SIGCIS 2010 Workshop Dissertations in Progress

Name:Ksenia Tatarchenko

Institutional Affiliation:Princeton University


Paper Type:Dissertation Proposal

Paper Title:The Akademgorodok Computing Center (1958-1990)

Paper Abstract:Histories tend to have dramatic openings and tragic endings; such is the history of Soviet computing as we know it. It started with the heroic post-war achievements in the Soviet Ukraine and ended with the Soviet Union entering the 1990s “without computers” and ultimately disintegrating itself. This dissertation aims to uncover a different version of the history of Soviet computing centered not on the first hardware or the failures of the Soviet electronic industry but on the scientific usages of computing and the development of computer science in the Soviet Union from an international perspective.

In the west, since their early days computers are acknowledged as a technology deeply connected to the military, the “Cold War” machines. Accordingly, the relationship between the Soviet and western computing has been traditionally articulated in the Cold War terms: isolation, rivalry and illegal technological transfer. The lenses of scientific computing adapted in this dissertation project radically change the dominant vision of computers as machines reproducing the “closed spaces.” Western and Soviet scientist alike joined their efforts for establishment and development of new computer-based disciplines such as theoretical computer science, numerical analysis or climatology. Crucially, scientists’ private efforts to cooperate and to enhance the international standing of their disciplines coincided with the governmental support on both sides of the Iron Curtain.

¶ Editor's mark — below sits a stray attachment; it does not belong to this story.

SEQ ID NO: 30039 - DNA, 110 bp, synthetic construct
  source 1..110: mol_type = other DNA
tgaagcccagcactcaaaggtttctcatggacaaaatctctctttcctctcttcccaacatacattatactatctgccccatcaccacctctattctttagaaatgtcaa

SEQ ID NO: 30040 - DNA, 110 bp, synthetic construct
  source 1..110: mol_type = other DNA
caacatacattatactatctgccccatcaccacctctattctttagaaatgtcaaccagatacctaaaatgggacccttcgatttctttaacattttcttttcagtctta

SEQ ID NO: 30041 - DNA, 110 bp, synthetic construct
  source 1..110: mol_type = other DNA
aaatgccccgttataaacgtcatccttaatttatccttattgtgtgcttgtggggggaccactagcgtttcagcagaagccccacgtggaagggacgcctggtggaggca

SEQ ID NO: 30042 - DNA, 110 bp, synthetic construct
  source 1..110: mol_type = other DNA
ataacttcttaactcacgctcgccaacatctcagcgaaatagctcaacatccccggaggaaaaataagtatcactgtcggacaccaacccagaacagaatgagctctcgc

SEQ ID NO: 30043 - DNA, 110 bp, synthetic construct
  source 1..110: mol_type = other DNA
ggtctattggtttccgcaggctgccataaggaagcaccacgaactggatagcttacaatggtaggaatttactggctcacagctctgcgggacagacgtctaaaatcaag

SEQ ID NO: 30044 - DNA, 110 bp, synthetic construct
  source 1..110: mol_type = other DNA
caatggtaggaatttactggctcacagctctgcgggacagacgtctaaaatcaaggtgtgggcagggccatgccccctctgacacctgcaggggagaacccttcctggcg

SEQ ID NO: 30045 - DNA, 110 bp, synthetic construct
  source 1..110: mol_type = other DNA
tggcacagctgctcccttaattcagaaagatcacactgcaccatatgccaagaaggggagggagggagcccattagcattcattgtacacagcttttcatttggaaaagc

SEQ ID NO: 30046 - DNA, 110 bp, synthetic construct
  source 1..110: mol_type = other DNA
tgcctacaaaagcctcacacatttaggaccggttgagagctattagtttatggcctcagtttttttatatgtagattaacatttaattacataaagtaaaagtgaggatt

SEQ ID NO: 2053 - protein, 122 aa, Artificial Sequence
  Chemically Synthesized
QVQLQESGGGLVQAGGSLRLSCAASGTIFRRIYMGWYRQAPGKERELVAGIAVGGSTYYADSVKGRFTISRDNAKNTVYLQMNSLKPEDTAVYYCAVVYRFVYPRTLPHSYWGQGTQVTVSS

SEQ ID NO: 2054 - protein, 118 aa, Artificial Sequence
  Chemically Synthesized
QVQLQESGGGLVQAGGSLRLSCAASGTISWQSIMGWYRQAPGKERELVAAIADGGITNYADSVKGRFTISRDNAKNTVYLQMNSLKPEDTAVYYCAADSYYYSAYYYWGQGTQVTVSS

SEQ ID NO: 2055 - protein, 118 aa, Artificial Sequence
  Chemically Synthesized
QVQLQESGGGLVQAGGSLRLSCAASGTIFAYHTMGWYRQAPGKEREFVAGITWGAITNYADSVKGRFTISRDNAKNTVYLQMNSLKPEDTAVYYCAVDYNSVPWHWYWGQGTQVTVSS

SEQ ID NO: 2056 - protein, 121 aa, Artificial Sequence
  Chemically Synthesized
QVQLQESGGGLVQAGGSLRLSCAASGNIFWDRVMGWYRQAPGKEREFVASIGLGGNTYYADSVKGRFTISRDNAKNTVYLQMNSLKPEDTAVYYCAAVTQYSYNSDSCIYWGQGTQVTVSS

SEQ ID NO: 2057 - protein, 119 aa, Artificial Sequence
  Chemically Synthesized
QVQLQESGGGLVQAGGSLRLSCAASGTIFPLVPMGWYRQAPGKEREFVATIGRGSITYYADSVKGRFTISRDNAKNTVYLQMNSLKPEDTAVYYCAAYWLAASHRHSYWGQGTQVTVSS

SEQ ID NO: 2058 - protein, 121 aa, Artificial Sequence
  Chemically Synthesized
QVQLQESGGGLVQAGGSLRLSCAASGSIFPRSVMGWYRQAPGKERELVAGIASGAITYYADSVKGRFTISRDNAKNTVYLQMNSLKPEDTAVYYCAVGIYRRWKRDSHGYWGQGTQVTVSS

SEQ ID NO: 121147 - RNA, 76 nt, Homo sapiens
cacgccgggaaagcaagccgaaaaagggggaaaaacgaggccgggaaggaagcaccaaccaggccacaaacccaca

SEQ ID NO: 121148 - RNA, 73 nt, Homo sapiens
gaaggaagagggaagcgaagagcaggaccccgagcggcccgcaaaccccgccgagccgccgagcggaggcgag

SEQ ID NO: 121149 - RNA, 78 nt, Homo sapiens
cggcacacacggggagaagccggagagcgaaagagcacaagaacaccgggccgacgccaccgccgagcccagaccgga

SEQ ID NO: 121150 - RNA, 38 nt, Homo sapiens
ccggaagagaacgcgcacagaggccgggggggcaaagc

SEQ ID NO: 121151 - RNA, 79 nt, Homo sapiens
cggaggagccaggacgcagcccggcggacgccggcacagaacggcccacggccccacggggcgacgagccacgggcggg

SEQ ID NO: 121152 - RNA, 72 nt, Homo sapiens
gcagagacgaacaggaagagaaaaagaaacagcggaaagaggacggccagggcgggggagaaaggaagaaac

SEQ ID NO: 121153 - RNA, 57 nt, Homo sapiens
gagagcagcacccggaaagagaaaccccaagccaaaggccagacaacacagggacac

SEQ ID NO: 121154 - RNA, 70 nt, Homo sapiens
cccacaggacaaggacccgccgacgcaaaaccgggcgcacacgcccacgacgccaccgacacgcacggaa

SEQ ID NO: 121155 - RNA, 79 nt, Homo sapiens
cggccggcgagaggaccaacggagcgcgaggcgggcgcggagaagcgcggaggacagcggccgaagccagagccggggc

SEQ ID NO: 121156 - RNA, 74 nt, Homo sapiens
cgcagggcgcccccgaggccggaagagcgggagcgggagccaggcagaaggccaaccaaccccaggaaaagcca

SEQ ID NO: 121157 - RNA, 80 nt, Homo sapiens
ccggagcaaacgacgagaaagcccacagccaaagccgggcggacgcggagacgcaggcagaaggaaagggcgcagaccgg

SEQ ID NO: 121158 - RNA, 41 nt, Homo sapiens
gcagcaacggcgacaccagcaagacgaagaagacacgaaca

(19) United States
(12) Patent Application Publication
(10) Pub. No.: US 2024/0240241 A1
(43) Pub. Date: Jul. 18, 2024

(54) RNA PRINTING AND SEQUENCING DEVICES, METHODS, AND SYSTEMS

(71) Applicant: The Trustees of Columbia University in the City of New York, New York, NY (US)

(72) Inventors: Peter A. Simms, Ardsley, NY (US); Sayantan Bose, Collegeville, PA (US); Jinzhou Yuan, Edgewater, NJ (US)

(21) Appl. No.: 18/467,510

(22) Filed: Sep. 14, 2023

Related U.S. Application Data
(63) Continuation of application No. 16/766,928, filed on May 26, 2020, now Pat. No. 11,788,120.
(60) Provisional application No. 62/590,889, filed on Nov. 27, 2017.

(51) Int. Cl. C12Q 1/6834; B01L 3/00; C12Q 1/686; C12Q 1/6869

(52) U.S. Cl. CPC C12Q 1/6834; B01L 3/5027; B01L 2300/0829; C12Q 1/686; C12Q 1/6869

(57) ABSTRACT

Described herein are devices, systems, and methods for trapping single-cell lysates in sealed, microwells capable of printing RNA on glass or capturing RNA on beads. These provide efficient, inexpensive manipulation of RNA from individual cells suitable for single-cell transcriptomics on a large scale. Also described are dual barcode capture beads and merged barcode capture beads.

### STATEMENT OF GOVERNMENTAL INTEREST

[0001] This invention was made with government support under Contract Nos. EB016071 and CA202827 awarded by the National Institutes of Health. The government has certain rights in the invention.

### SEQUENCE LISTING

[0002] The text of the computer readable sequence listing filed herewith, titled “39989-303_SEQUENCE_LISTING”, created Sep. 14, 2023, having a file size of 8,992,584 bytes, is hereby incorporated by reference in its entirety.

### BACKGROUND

The topic of this dissertation is the history of the Akademgorodok Computer Center (CC) from its early days up to the moment of restructuring, when the center was divided into several independent institutions (1958-1990). Although the dissertation’s backbone could be characterized as an institutional history, I am interested in the CC not as a separate entity but as a part of the Soviet and international computing. In consequence, I plan to focus on international collaborations carried out by the members of the CC and all-Soviet and international events that took place under its roof. Accordingly to this logic, I do not treat all the departments of the CC with the same attention, but closely follow the personal trajectories, scientific interests and networks of Andrei Ershov, the head of computer science department, and Guriy Marchuk, the director of the CC. This choice for the dissertation’s main topic should allow me to bridge and to contribute to several understudied areas of historiography, namely: international and Soviet computing, post-Stalinist techno-science, and international science in the Cold War.

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